By George B. Sanchez, Staff Writer | LA DAILY NEWS
6 Jan 09 -- Eyeing an ever-widening budget gap, Los Angeles Unified School District officials said Monday they could soon send nearly 3,000 nonpermanent teachers notices warning of imminent layoffs.
While it has become standard policy in recent years for the district to send layoff notices as a precautionary measure, teachers union officials and administrators fear this is the first time since widespread layoffs of the mid-1990s that teachers could actually lose their jobs.
"This is not a favored option, but under the current fiscal crisis, we have to consider it," said Vivian Ekchian, LAUSD's interim chief human resources officer.
Unlike permanent teachers, who must be notified in March if they will not have a job in the upcoming school year, nonpermanent teachers -- those who have worked for two years or fewer -- must be given only two weeks notification before being fired.
Still, Superintendent Ramon Cortines said the notifications do not guarantee that teachers will lose their jobs.
"I'm just being very cautious," Cortines said.
The district will first look at 2,290 nonpermanent teachers who have the least seniority and who teach elementary school and secondary school English and math, according to a report prepared for the board. Potential layoffs would also target interns and provisional teachers, who have not passed their final exams in the subjects they teach.
United Teachers Los Angeles spokeswoman Marla Eby said the notices could just be protocol, but warned that in the current economic environment, they must be taken very seriously.
"This is the beginning," Eby said, noting that regular teachers will also likely get similar notices within two months.
The school board will consider the matter at its first meeting of the year on Jan. 13. District officials say the layoffs can be avoided if money can be found from the state. Gov. Arnold Schwarzenegger sent a proposed budget deal to lawmakers last week that seeks to close a nearly $15 billion gap. Unless lawmakers can agree on a plan, state finance officials say state coffers could be out of cash by February.
If the LAUSD board votes to send the notices and layoffs are made, union leaders say it will almost certainly bring about bigger class sizes and threaten the steady improvements made in recent years in reducing the dropout rate and improving standardized test scores.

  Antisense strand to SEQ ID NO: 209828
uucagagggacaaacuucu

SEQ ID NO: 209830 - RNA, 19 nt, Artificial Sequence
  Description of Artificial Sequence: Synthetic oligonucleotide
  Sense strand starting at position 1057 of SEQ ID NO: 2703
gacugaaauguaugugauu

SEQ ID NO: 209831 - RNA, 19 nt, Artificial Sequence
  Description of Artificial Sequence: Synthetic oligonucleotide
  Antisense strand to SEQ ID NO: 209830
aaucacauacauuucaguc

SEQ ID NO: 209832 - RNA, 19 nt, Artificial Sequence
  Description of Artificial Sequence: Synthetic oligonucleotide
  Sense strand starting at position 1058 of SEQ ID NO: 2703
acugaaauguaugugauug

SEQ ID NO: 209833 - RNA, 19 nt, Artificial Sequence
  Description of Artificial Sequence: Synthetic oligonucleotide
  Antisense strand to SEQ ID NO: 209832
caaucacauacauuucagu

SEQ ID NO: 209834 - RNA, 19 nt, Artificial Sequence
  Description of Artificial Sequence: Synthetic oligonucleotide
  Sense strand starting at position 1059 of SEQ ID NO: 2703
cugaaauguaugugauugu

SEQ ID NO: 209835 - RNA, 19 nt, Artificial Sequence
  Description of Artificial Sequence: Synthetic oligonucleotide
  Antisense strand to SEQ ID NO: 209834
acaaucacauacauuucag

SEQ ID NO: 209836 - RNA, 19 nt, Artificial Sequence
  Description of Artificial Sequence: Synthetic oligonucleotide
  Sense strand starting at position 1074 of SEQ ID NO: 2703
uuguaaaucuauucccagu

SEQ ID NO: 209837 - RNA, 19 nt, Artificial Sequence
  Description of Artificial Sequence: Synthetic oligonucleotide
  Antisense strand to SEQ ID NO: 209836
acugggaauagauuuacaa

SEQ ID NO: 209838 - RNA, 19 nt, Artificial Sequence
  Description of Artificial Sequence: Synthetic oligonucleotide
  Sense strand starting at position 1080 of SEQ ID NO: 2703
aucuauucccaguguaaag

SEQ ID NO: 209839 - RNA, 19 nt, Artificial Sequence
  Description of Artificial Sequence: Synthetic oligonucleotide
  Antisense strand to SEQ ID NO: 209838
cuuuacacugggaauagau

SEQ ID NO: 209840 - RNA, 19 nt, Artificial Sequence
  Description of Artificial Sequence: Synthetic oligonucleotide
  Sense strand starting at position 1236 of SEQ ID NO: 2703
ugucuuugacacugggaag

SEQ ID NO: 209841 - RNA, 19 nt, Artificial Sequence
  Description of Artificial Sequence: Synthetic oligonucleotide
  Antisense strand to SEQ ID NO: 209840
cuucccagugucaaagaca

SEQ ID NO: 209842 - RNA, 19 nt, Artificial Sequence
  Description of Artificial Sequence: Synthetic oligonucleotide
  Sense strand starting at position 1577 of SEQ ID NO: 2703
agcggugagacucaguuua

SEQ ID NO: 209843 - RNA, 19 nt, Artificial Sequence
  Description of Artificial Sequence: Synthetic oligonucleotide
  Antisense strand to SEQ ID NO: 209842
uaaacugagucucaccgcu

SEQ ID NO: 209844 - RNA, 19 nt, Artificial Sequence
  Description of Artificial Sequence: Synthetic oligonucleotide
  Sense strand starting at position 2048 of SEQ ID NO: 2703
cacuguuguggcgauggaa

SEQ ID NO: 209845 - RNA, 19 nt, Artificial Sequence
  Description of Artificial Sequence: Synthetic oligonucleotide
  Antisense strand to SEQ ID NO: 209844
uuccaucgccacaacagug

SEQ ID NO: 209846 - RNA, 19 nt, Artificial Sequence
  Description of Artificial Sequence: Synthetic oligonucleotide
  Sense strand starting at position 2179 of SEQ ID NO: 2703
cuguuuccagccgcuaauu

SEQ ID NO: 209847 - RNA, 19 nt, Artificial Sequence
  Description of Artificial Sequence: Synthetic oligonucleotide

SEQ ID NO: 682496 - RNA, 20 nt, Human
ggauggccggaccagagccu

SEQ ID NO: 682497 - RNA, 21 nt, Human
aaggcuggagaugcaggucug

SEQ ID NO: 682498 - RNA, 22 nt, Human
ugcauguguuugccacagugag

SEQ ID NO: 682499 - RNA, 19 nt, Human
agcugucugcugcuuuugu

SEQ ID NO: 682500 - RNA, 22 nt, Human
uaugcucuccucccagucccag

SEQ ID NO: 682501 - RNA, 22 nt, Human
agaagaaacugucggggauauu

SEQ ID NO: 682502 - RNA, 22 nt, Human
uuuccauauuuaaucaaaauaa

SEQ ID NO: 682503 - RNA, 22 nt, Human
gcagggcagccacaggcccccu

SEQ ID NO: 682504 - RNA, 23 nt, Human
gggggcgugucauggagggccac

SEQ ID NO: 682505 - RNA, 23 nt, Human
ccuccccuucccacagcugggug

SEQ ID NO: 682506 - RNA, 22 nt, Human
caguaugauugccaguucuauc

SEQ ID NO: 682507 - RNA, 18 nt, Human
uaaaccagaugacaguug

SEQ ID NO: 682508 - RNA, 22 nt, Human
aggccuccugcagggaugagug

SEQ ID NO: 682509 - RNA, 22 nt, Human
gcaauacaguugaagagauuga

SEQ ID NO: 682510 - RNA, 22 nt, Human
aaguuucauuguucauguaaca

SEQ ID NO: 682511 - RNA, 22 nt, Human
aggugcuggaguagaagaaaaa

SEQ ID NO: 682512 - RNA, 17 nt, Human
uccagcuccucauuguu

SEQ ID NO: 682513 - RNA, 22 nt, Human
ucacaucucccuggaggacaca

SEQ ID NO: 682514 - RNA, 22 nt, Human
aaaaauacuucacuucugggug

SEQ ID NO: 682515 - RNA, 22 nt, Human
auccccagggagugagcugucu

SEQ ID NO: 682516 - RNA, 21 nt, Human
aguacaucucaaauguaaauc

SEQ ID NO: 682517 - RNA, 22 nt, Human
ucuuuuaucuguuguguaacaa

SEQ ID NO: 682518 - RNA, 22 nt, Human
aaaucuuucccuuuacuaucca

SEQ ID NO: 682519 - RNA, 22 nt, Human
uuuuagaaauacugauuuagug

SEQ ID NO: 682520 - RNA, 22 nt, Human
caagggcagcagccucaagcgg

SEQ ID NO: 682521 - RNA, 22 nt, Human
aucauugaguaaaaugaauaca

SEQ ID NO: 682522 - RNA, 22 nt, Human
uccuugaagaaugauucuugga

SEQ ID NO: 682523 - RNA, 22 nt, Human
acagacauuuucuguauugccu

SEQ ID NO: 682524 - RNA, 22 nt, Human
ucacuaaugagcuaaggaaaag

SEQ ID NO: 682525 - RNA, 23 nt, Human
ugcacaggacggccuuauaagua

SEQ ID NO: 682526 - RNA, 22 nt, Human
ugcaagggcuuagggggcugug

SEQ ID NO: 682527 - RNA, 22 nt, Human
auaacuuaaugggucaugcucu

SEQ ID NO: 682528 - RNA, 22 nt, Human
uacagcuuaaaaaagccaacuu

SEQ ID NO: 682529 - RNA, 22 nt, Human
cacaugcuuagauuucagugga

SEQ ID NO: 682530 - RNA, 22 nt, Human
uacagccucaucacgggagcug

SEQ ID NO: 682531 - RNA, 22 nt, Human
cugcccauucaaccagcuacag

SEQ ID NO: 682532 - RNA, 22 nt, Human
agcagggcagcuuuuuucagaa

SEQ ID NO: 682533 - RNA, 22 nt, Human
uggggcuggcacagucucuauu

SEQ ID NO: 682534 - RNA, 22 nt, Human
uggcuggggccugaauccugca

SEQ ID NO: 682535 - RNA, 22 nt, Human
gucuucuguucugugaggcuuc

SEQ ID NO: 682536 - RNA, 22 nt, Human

Based on an average cost per teacher of $60,000, including salary and benefits, laying off 2,290 teachers would save the district more than $137 million over a full year, said Megan Reilly, LAUSD's chief financial officer. But since the cuts would be mid-year, she explained, the savings would be no more than $68.5million and possibly as low as a quarter the yearly figure, or $34.2million.
These cuts would be part of an estimated $400 million in cuts the district will likely have to make soon as the district enters the midway point of its 2008-09 school year budget. They come on top of $472 million the district slashed from the 2008-09 budget before the start of the current school year.
Also, at least $200 million in cuts are expected for the 2009-10 school year.
So far, the state budget crisis has halted funding for district art programs. The number of meals for poor students will likely be slashed from 100 million meals to 55 million annually. State-mandated limits on classroom sizes for first through third grades could grow from 20 to 37.
Teachers are used to receiving layoff notices in the new year as a possible cost-saving measure, said UTLA President A.J. Duffy.
"At this point, it's a procedural issue in order for the district to move ahead," Duffy said. "Do we believe it'll happen? We have no way of knowing."
While the 2,290 positions represent a fraction of the district's 37,000 teachers, they are more than a third of the district's 5,700 non-permanent teachers.
Duffy said the cuts would hurt gains in graduation rates and achievement on state and federal standardized tests. Before the district lays off teachers, he said, the district should cut its use of outside consultants and shed bureaucrats at district headquarters.
Layoffs for any group of teachers is worrisome, said one teacher at Cleveland High School in Van Nuys.
"It's really stressful," said Coleen Bondy, who is in her third year of teaching English and journalism. "I love my job. I worked hard to be a teacher. It would be really hard to get laid off."
She also said many teachers don't seem to understand the gravity of the state budget crisis, noting talk in lounges and hallways is of strikes instead of layoffs.
"I don't think people understand the magnitude of the state budget crisis," she said. "I've never heard the state say it'll run out of money."
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